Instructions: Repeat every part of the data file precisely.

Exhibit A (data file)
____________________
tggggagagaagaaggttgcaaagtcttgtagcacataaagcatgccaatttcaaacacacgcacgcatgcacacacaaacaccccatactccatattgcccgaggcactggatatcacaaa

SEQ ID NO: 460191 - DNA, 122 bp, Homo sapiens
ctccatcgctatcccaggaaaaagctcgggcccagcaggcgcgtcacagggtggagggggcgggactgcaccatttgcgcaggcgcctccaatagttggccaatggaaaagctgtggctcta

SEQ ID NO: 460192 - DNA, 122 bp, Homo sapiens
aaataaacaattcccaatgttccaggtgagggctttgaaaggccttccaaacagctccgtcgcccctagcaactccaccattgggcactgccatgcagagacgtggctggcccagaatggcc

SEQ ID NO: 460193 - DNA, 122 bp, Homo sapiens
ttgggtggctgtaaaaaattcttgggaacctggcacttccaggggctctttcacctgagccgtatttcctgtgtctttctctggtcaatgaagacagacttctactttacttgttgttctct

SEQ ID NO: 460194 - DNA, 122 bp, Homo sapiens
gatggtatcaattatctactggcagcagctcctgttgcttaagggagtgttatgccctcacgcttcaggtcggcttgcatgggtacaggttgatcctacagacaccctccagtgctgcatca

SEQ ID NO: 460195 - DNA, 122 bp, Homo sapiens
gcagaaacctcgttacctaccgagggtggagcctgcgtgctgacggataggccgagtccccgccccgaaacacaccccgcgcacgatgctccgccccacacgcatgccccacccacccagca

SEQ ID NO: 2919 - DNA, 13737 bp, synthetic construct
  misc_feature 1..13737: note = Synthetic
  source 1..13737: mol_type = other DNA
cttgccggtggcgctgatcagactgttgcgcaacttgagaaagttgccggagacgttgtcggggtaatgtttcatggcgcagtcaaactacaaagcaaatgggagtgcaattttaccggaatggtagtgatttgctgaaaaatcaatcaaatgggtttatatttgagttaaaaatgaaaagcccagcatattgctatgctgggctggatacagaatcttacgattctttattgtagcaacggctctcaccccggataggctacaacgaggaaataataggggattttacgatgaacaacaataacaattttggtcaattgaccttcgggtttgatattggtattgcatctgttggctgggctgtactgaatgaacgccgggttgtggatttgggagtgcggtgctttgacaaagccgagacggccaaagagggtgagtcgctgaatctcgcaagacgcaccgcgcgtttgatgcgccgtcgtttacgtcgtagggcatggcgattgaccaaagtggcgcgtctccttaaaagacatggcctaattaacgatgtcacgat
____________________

tggggagagaagaaggttgcaaagtcttgtagcacataaagcatgccaatttcaaacacacgcacgcatgcacacacaaacaccccatactccatattgcccgaggcactggatatcacaaa

SEQ ID NO: 460191 - DNA, 122 bp, Homo sapiens
ctccatcgctatcccaggaaaaagctcgggcccagcaggcgcgtcacagggtggagggggcgggactgcaccatttgcgcaggcgcctccaatagttggccaatggaaaagctgtggctcta

SEQ ID NO: 460192 - DNA, 122 bp, Homo sapiens
aaataaacaattcccaatgttccaggtgagggctttgaaaggccttccaaacagctccgtcgcccctagcaactccaccattgggcactgccatgcagagacgtggctggcccagaatggcc

SEQ ID NO: 460193 - DNA, 122 bp, Homo sapiens
ttgggtggctgtaaaaaattcttgggaacctggcacttccaggggctctttcacctgagccgtatttcctgtgtctttctctggtcaatgaagacagacttctactttacttgttgttctct

SEQ ID NO: 460194 - DNA, 122 bp, Homo sapiens
gatggtatcaattatctactggcagcagctcctgttgcttaagggagtgttatgccctcacgcttcaggtcggcttgcatgggtacaggttgatcctacagacaccctccagtgctgcatca

SEQ ID NO: 460195 - DNA, 122 bp, Homo sapiens
gcagaaacctcgttacctaccgagggtggagcctgcgtgctgacggataggccgagtccccgccccgaaacacaccccgcgcacgatgctccgccccacacgcatgccccacccacccagca

SEQ ID NO: 2919 - DNA, 13737 bp, synthetic construct
  misc_feature 1..13737: note = Synthetic
  source 1..13737: mol_type = other DNA
cttgccggtggcgctgatcagactgttgcgcaacttgagaaagttgccggagacgttgtcggggtaatgtttcatggcgcagtcaaactacaaagcaaatgggagtgcaattttaccggaatggtagtgatttgctgaaaaatcaatcaaatgggtttatatttgagttaaaaatgaaaagcccagcatattgctatgctgggctggatacagaatcttacgattctttattgtagcaacggctctcaccccggataggctacaacgaggaaataataggggattttacgatgaacaacaataacaattttggtcaattgaccttcgggtttgatattggtattgcatctgttggctgggctgtactgaatgaacgccgggttgtggatttgggagtgcggtgctttgacaaagccgagacggccaaagagggtgagtcgctgaatctcgcaagacgcaccgcgcgtttgatgcgccgtcgtttacgtcgtagggcatggcgattgaccaaagtggcgcgtctccttaaaagacatggcctaattaacgatgtcacgat